Sperling Prostate Center

How Does Being Overweight Link with Prostate Cancer Death?

Every grade school has seen bullies who verbally pick on kids who are “different.” Obese kids are easy targets. Name-calling includes terms like fatso, blubber, chunky monkey—and worse. While bullying stems from insecurity, there’s no doubt that it’s hurtful and can only increase the victim’s vulnerability and low self-image. Studies have shown that overweight kids on the receiving end of name-calling are emotionally harmed, and are more likely to become obese adults.

Public humiliation is damaging for overweight kids, but there’s an even greater danger lurking in extra body fat for adult men: fatal prostate cancer (PCa).

A link between obesity and prostate cancer mortality

A large-scale UK study published in the journal BMC Med (an open access peer-reviewed medical journal) reveals an increased risk of death from PCa for men who are obese. The clinical term for dangerous levels of body fat is adiposity. For this study, which included over 218,000 men, adiposity was measured using body mass index (BMI), total body fat percentage (using bioimpedance), waist circumference (WC) and waist-to-hip ratio (WHR).[i]
he study authors found a significant correlation between total body fat, and also what is called central fat (“apple shaped” men with fat around the belly and waist) and PCa patients who died from their disease, rather than from other causes. In general, obesity brings greater risk of death from cardiovascular disease and metabolic disorders like diabetes, so death due to PCa is especially tragic since it is prematurely killing men who might otherwise have lived longer despite the more chronic conditions that accompany obesity.

How are obesity and prostate cancer linked?

While studies have previously found a correlation between greater adiposity and aggressive PCa, the exact reasons for this are still unknown. Theories include a) excessive fat promotes hormonal and metabolic abnormalities, including inflammation, that may stimulate the growth and aggressive evolution of PCa tumors; b) PCa not detected until it is already advanced and no longer amenable to local treatments; or c) a combination of both. In addition, the authors point out that aggressive PCa is possibly more linked with belly fat than with total fat, but that question also needs further research.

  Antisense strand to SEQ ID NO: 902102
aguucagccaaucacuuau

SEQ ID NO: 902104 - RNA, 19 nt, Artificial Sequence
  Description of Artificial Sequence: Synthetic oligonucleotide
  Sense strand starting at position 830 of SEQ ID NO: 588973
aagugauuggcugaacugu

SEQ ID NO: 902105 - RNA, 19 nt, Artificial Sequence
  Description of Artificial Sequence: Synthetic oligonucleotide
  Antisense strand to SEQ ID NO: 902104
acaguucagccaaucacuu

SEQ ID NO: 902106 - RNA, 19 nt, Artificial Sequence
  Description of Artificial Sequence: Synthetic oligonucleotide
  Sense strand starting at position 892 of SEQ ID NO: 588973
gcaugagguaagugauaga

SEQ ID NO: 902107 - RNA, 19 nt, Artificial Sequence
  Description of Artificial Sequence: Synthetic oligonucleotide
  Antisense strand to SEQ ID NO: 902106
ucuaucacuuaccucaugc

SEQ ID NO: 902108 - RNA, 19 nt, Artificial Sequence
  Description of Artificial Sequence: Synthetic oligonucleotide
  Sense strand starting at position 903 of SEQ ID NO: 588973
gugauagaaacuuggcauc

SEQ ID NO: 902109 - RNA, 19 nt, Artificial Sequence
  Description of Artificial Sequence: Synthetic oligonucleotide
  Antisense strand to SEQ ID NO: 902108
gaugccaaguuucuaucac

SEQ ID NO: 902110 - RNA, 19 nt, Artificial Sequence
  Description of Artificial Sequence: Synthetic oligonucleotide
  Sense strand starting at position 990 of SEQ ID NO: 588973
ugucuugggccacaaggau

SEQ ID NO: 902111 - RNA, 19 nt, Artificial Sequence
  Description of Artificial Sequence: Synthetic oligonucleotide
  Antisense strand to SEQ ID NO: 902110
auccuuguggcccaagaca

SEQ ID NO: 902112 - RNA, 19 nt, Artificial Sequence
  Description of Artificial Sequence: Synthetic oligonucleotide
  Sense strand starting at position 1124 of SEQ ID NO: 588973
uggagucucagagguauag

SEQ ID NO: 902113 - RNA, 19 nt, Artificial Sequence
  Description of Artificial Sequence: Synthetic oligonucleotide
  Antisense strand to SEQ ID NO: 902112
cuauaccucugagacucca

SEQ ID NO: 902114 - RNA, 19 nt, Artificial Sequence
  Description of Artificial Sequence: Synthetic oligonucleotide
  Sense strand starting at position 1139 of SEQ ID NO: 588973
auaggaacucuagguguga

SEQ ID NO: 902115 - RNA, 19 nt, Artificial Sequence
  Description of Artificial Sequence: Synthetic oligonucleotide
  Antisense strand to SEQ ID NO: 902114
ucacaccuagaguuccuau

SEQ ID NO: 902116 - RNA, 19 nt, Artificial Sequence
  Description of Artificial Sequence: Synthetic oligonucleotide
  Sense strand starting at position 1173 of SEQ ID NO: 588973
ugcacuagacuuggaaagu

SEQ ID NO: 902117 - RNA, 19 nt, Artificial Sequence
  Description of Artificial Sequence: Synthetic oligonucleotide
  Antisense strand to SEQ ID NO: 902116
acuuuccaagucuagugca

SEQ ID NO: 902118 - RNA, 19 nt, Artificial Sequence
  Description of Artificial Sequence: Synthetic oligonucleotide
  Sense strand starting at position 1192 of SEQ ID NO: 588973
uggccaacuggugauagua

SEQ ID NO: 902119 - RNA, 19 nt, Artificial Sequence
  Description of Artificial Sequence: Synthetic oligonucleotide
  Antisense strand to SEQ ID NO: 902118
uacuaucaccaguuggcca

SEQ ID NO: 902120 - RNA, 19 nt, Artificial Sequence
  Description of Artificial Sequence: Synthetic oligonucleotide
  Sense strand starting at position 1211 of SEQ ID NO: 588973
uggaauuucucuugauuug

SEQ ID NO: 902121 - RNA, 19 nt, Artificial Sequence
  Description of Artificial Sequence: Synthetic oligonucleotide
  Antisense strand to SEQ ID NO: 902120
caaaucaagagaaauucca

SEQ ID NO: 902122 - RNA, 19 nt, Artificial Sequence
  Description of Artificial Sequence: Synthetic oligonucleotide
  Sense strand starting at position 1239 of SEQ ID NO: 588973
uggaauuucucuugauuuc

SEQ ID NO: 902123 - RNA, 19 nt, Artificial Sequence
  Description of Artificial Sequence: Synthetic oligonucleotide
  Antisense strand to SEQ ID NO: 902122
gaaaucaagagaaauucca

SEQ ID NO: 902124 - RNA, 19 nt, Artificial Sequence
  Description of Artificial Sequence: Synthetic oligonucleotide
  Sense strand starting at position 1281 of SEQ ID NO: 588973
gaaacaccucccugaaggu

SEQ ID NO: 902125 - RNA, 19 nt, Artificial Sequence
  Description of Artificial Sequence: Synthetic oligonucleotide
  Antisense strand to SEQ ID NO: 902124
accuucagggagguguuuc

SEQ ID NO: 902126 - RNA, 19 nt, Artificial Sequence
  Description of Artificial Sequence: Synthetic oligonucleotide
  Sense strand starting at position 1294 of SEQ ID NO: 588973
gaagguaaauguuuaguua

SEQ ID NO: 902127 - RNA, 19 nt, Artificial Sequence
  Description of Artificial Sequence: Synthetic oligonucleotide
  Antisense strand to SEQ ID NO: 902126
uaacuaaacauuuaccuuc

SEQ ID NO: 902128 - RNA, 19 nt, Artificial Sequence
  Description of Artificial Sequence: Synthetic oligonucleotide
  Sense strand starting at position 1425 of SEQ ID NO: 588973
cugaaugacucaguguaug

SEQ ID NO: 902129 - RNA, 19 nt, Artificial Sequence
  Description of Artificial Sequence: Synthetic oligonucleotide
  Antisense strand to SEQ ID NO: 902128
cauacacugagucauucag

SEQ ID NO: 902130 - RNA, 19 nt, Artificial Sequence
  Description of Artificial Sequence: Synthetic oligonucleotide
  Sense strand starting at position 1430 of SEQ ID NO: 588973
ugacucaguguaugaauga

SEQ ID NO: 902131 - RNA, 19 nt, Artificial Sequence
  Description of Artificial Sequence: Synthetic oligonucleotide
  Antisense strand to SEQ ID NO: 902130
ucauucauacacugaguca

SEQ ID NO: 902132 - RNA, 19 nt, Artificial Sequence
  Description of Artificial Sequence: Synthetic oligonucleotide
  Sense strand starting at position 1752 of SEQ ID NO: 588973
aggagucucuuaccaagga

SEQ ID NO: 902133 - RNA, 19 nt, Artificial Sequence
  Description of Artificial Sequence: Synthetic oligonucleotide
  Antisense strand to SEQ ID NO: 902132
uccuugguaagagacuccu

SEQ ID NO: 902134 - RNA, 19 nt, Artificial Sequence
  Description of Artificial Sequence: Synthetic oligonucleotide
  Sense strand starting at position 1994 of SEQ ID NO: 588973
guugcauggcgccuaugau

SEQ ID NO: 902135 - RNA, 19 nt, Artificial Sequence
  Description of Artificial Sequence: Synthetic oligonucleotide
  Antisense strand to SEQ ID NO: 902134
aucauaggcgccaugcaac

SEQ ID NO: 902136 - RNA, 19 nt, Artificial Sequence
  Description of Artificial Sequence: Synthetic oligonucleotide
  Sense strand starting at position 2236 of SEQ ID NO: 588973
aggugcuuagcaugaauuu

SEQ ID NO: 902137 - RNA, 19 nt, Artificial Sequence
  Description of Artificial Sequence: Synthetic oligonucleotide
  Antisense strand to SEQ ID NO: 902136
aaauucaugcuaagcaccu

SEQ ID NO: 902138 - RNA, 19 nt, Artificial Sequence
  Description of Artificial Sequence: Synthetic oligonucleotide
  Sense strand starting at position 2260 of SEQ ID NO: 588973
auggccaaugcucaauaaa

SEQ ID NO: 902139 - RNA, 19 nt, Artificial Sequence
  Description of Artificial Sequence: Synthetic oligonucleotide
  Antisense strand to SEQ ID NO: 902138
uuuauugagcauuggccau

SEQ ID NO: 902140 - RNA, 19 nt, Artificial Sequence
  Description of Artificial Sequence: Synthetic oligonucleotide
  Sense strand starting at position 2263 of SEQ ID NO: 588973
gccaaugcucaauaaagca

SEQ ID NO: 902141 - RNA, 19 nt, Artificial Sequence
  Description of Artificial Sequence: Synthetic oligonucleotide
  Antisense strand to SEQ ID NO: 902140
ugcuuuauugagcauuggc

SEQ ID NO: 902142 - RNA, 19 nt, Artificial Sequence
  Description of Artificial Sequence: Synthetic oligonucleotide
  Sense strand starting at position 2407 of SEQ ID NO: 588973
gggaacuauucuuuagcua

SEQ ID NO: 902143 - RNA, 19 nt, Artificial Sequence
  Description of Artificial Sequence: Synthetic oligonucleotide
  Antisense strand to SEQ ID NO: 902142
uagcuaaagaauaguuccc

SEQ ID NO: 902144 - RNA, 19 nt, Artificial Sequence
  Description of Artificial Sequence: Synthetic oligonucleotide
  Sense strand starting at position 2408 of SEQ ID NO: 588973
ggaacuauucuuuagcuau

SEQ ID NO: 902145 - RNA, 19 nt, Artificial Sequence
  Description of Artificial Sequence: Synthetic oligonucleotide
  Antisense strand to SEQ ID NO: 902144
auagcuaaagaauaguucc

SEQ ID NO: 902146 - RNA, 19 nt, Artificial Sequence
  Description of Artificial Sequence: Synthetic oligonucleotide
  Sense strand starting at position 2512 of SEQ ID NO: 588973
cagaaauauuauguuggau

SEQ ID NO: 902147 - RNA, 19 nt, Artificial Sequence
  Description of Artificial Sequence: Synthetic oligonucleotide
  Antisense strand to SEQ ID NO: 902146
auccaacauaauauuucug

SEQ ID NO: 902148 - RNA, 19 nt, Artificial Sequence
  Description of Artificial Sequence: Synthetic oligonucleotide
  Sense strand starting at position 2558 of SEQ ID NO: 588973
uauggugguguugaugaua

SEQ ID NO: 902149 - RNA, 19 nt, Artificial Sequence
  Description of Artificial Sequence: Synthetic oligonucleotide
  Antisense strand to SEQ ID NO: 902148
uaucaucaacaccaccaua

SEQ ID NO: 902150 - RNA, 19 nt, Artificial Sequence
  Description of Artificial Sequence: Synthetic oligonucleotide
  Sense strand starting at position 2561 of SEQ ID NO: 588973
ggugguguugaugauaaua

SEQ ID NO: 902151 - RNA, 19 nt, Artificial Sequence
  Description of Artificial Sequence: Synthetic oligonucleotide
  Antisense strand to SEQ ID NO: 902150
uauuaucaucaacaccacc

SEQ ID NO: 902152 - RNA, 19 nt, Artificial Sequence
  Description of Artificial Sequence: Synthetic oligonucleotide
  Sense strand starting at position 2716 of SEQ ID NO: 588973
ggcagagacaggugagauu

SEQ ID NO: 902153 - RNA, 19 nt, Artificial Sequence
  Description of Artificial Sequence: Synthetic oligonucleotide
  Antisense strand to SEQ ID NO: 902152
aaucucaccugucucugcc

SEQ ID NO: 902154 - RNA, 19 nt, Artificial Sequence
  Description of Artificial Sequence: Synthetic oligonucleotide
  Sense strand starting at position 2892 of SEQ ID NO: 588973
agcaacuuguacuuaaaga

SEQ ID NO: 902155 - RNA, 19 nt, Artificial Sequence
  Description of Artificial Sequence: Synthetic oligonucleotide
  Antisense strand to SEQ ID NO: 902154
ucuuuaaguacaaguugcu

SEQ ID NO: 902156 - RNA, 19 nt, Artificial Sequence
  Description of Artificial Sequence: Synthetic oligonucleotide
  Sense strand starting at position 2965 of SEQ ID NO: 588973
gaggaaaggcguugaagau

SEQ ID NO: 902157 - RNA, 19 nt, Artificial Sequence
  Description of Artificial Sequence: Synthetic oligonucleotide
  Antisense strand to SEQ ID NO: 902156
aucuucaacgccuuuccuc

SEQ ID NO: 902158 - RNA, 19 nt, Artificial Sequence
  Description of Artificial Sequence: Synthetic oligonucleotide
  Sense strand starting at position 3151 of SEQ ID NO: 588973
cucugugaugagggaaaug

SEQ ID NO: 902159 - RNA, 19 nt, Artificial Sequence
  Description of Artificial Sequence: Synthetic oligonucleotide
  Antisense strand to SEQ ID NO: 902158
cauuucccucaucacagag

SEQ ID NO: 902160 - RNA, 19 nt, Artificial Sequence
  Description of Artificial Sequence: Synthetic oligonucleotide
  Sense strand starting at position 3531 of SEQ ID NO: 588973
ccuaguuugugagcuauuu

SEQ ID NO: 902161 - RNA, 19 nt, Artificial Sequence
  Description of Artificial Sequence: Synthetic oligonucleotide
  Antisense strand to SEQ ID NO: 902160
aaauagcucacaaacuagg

The point is, carrying extra weight, especially in the abdominal and hip area, poses a potential prostate cancer threat. A May 5, 2022 news report about this study carried the following information:

  • The research revealed that every five-point increase in BMI increased the risk of dying from prostate cancer by 10%.
  • Central fat was also found to significantly increase the risk of fatal prostate cancer, with every 10cm increase in waist circumference increasing the odds by 7%.
  • The researchers estimate that if the average BMI of men aged between 55 – 64 years old in the UK was reduced to be within the ideal range, there would be around 1,300 fewer prostate cancer deaths each year.

Your ideal body weight

Obviously, the research is done with men who are well above their optimum weight. Do you know what your ideal weight and BMI are? If not, you may want to use a convenient Body Mass Index Calculator. There are so many reasons for reaching and maintaining the ideal weight for your age and height. Adding the well-being of your prostate as one of the factors supports our Center’s position that what’s healthy for your heart is healthy for your prostate. Just remember to consult with your own doctor before embarking on dietary changes, and avoid fad or crash diets.

Finally, as mentioned in the research article, PCa among obese men may be harder to detect early. If you are obese, remember to have an annual PSA blood test. Early detection may save your life.

NOTE: This content is solely for purposes of information and does not substitute for diagnostic or medical advice. Talk to your doctor if you are experiencing pelvic pain, or have any other health concerns or questions of a personal medical nature.

[i] Perez-Cornago A, Dunneram Y, Watts EL, Key TJ, Travis RC. Adiposity and risk of prostate cancer death: a
prospective analysis in UK Biobank and meta-analysis of published studies. BMC Med. 2022;20(1):143. Published
2022 May 5.


About Dr. Dan Sperling

Dan Sperling, MD, DABR, is a board certified radiologist who is globally recognized as a leader in multiparametric MRI for the detection and diagnosis of a range of disease conditions. As Medical Director of the Sperling Prostate Center, Sperling Medical Group and Sperling Neurosurgery Associates, he and his team are on the leading edge of significant change in medical practice. He is the co-author of the new patient book Redefining Prostate Cancer, and is a contributing author on over 25 published studies. For more information, contact the Sperling Prostate Center.

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